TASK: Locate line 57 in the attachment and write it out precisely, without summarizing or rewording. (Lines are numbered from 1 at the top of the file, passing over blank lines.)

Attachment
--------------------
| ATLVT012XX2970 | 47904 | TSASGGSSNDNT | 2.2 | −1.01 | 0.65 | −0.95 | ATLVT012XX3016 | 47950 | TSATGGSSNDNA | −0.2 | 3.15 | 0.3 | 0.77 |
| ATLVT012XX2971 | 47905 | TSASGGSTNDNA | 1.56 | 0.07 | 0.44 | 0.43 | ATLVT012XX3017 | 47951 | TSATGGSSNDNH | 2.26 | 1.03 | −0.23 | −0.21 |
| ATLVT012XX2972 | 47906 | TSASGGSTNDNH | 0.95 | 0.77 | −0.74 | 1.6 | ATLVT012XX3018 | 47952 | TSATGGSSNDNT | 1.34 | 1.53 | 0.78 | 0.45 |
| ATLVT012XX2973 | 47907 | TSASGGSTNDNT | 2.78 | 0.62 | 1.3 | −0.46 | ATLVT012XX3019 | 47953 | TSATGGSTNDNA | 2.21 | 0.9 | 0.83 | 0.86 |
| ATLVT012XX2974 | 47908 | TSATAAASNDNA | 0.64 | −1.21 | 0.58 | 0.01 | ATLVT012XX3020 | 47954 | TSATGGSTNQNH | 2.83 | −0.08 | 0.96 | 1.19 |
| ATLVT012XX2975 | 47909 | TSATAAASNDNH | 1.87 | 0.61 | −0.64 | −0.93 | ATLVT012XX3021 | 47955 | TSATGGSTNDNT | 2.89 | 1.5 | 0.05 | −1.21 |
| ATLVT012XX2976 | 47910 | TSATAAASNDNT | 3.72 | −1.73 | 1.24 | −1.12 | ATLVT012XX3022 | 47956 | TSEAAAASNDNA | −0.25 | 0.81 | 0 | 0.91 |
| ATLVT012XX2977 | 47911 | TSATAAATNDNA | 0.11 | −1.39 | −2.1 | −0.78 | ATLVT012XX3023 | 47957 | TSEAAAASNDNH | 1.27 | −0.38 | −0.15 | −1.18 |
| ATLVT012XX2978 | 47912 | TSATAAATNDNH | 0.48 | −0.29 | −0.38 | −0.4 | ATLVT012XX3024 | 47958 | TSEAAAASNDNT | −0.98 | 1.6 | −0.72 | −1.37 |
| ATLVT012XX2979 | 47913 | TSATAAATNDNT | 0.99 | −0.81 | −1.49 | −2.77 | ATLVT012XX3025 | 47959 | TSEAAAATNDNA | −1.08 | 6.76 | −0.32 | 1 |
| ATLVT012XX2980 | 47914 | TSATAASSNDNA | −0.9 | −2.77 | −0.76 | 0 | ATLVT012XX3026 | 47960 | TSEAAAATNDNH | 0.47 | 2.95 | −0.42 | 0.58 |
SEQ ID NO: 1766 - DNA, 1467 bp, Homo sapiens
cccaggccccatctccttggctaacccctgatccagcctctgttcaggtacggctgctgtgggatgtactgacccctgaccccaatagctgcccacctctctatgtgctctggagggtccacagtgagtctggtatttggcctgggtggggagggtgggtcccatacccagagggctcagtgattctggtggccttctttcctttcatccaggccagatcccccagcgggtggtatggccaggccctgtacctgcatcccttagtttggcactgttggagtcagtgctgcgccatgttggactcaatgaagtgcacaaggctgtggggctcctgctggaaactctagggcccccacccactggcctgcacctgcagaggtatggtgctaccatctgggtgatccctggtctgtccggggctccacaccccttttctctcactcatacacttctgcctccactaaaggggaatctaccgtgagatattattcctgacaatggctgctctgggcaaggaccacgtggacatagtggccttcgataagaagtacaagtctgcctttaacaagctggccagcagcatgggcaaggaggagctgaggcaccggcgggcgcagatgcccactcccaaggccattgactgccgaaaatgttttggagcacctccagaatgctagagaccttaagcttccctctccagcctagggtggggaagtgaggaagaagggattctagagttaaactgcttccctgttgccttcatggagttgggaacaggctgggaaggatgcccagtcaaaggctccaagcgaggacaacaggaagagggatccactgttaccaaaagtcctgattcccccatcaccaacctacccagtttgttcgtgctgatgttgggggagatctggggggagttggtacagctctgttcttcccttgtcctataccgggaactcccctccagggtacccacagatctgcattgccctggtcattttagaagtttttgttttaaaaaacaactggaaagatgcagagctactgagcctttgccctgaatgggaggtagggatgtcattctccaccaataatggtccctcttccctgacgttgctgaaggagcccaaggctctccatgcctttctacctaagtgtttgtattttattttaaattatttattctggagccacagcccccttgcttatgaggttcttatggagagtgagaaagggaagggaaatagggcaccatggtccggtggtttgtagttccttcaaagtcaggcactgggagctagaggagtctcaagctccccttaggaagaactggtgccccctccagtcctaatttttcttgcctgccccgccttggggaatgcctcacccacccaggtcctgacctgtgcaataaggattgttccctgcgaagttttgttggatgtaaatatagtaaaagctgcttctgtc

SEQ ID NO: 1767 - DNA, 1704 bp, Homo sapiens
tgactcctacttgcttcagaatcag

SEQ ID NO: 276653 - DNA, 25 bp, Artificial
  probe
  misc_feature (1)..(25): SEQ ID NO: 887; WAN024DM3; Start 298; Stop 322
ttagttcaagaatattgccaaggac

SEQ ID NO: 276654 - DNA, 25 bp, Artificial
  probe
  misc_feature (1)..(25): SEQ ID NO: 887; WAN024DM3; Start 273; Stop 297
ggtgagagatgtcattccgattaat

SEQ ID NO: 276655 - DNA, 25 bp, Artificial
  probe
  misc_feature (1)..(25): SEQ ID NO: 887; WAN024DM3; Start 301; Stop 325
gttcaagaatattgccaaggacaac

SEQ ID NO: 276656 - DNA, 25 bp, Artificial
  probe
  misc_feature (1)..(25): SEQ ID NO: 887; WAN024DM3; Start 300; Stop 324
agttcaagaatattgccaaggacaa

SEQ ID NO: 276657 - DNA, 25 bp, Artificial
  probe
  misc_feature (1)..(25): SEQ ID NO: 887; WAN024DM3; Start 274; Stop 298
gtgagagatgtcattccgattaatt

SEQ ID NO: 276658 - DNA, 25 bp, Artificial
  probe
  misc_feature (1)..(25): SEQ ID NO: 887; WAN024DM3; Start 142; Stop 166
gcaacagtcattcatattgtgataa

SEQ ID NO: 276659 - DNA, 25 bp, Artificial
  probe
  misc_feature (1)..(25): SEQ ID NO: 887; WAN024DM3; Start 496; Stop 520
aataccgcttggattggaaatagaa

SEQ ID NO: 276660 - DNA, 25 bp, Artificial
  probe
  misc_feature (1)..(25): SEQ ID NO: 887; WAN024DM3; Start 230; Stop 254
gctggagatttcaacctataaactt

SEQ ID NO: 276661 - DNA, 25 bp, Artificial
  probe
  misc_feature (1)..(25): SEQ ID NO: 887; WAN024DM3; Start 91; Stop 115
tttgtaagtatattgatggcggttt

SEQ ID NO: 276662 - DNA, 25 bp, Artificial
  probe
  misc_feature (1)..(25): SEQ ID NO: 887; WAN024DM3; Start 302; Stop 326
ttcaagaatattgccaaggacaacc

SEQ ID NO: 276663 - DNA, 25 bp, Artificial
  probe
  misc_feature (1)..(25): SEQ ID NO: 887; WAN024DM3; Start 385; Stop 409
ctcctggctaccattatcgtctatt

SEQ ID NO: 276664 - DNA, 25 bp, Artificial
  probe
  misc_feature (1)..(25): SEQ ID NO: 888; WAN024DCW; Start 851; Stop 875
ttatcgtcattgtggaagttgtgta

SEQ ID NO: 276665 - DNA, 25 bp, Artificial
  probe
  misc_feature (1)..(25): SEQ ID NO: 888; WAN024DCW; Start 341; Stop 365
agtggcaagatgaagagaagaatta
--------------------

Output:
  probe